It’s difficult today to simply exist in the Midwest and not know who Aaron Rodgers is. A-Rod, Mr. Rodgers, The Bad Man, temporary host of “Jeopardy!”, whatever you wish to call him, he’s established himself at the top of the quarterback hierarchy in the present-day NFL, and somewhere near the top in the list of all-time greats. This is quite the extraordinary feat, but it’s hardly the most pressing topic regarding Rodgers at the moment.
In Week 9 of this year’s season, the Green Bay Packers’ quarterback tested positive for COVID-19, leading him missing that week’s game against the Chiefs. It wasn’t given much of a second glance at the time. Players being out due to the coronavirus was becoming just as common as players missing time due to injury.
Only, there was of course a bit more to the story, as only two days later, news broke that Rodgers had not been vaccinated for COVID. This was quite the shock to the NFL, as Rodgers had not been following any of the guidelines made for non-vaccinated players. These included wearing masks for indoor walk-throughs, having to be tested once per day compared to a vaccinated player’s once-per-week testing, and limitations and endorsement deals and marketing rights.
That last one is especially concerning, as Rodgers’ deal with State Farm wasn’t severed after this news broke. But if that wasn’t enforced, then what penalties did Rodgers have to face after the news broke?
Well, he had to spend a mandatory 10 days away from the team, starting November 3, and ending November 13, the day before the were set to play the Seattle Seahawks in Week 10. However, this is standard practice for any player who tests positive. The only other penalty he faced was a $14,650 fine for attending a Halloween party without a mask.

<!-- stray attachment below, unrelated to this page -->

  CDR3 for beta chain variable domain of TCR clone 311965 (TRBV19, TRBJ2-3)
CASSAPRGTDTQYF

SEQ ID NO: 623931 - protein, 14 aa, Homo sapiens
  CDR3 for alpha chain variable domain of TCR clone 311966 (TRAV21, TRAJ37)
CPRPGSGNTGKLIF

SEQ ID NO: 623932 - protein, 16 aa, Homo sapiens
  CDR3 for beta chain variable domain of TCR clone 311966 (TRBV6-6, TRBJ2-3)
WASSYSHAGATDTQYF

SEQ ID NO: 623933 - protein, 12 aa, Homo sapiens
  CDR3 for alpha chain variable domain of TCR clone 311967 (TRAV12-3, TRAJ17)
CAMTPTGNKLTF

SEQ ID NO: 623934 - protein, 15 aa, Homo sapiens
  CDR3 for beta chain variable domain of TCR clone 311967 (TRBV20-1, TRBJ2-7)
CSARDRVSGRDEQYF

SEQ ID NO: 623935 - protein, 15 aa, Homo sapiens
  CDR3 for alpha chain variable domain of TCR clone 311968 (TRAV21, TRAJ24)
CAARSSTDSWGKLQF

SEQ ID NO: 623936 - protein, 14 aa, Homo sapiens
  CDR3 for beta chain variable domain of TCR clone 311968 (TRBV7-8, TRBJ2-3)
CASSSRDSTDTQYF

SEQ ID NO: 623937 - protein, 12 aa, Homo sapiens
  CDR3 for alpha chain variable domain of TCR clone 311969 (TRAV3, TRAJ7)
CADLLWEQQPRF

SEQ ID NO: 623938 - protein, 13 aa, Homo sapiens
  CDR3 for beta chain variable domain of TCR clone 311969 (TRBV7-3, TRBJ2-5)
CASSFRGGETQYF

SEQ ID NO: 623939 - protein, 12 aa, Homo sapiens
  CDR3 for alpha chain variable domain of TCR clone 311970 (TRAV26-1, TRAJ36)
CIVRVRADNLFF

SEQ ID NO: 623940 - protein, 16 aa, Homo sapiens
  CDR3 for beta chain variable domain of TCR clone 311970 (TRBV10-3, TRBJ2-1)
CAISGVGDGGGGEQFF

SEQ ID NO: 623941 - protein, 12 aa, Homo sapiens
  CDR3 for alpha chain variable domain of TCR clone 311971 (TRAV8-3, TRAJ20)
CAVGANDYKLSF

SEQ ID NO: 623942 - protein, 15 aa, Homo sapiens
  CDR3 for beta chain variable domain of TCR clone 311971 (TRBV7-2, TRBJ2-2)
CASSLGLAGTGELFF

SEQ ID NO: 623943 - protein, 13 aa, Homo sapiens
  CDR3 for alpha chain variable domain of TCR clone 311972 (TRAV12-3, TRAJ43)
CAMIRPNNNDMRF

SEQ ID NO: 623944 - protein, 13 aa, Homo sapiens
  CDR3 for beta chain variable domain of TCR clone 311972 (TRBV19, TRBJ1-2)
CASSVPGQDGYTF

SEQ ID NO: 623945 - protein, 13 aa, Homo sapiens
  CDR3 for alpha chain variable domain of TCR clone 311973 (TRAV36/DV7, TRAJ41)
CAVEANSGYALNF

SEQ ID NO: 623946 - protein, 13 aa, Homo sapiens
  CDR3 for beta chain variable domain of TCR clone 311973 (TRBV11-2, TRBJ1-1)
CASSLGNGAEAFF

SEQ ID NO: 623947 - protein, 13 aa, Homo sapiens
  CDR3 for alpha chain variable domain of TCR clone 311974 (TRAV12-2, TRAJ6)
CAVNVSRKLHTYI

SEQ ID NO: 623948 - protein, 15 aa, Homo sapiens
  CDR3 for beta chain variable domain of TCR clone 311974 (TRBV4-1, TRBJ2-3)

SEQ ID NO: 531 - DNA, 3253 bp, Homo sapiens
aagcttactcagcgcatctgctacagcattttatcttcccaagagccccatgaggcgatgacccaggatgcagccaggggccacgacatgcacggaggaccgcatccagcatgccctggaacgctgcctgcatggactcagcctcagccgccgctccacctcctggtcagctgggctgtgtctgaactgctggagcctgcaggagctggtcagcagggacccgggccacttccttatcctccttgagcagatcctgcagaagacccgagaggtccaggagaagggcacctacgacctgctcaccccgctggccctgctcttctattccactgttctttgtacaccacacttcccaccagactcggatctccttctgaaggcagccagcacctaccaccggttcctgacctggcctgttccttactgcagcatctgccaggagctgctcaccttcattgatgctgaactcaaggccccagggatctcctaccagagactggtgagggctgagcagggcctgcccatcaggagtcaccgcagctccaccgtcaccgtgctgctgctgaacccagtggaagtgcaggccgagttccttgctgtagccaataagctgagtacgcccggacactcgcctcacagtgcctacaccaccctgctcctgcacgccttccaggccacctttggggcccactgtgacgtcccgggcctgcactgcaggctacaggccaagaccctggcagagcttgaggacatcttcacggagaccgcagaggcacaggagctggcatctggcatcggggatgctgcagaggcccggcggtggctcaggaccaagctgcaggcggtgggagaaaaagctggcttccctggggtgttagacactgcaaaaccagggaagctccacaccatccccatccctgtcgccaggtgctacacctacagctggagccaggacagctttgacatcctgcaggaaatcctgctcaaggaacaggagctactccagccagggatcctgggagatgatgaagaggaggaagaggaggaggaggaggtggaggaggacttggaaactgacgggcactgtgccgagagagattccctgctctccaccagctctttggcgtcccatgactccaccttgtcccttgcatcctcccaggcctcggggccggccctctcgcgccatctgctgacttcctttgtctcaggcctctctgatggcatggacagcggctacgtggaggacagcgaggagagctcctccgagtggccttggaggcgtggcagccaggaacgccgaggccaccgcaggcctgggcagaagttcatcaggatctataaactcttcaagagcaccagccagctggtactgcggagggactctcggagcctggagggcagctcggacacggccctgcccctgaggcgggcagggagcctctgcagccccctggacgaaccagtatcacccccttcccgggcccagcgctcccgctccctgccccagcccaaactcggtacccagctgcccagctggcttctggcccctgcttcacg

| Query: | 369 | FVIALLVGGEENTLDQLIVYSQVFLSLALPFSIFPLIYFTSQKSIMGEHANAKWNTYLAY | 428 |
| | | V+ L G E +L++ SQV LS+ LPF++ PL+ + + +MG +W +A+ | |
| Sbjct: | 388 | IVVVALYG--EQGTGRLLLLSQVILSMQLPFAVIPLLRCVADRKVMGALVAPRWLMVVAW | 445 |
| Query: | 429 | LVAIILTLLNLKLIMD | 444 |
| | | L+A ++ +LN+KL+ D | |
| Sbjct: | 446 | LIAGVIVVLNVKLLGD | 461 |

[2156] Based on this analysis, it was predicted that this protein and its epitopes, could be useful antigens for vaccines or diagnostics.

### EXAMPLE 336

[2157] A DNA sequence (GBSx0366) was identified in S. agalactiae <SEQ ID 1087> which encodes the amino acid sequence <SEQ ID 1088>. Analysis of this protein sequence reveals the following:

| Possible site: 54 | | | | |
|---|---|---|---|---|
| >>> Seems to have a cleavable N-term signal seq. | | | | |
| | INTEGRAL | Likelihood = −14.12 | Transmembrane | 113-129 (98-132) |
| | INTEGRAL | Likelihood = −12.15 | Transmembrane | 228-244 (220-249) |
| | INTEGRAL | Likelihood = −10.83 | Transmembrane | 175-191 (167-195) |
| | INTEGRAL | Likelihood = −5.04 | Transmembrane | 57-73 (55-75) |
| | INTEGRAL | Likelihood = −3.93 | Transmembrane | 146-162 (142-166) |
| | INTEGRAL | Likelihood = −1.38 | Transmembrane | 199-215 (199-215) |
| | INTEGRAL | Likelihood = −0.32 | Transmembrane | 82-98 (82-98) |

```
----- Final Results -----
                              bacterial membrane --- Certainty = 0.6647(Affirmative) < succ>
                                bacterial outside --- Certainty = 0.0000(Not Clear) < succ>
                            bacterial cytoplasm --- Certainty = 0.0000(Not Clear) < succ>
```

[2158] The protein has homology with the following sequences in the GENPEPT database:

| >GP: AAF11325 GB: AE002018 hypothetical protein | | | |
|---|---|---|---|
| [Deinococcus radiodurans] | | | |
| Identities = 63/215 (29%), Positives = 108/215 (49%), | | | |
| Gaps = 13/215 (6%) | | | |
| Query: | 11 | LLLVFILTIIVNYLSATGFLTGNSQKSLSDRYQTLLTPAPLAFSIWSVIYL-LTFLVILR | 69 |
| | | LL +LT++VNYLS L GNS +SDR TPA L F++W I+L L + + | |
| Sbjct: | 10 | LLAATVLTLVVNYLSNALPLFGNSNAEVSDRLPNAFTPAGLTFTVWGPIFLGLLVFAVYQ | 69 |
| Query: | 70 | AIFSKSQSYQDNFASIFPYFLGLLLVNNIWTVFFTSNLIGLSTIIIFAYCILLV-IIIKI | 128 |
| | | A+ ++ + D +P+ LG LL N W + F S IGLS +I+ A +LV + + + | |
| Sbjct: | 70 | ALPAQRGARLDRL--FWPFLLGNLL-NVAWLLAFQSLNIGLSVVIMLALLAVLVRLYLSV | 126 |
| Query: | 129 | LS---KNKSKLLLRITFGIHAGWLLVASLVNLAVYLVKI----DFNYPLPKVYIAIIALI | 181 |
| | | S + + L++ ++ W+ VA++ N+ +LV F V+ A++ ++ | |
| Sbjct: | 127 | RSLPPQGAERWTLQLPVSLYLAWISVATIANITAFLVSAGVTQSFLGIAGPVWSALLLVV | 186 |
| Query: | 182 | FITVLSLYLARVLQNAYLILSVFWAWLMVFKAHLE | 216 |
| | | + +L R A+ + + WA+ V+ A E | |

Compare this number to the amount Dallas Cowboys wide receiver CeeDee Lamb was fined for taunting New England Patriots defensive back Jalen Mills after a game-winning touchdown, a hefty $10,300. Yes, this is lower than Rodgers’ fine, but the “taunting” in question was a wave Lamb sent Mills’ way after the receiver found his way to the endzone. At first look, a fine for breaking COVID-19 guidelines on multiple occasions doesn’t seem like it should only be about $4,000 more than a simple wave at an opponent.
While noticeable inconsistencies in fines the NFL is dishing out aren’t limited to just these two examples, this comparison poses a perfectly reasonable question to ask: how exactly is the league judging the penalties they’re handing players? We’ll just have to see where situations like these go in the future and if the NFL’s inconsistency becomes a larger issue, but as of right now, it just seems like the league is struggling to find any reasonable way to judge rule infractions.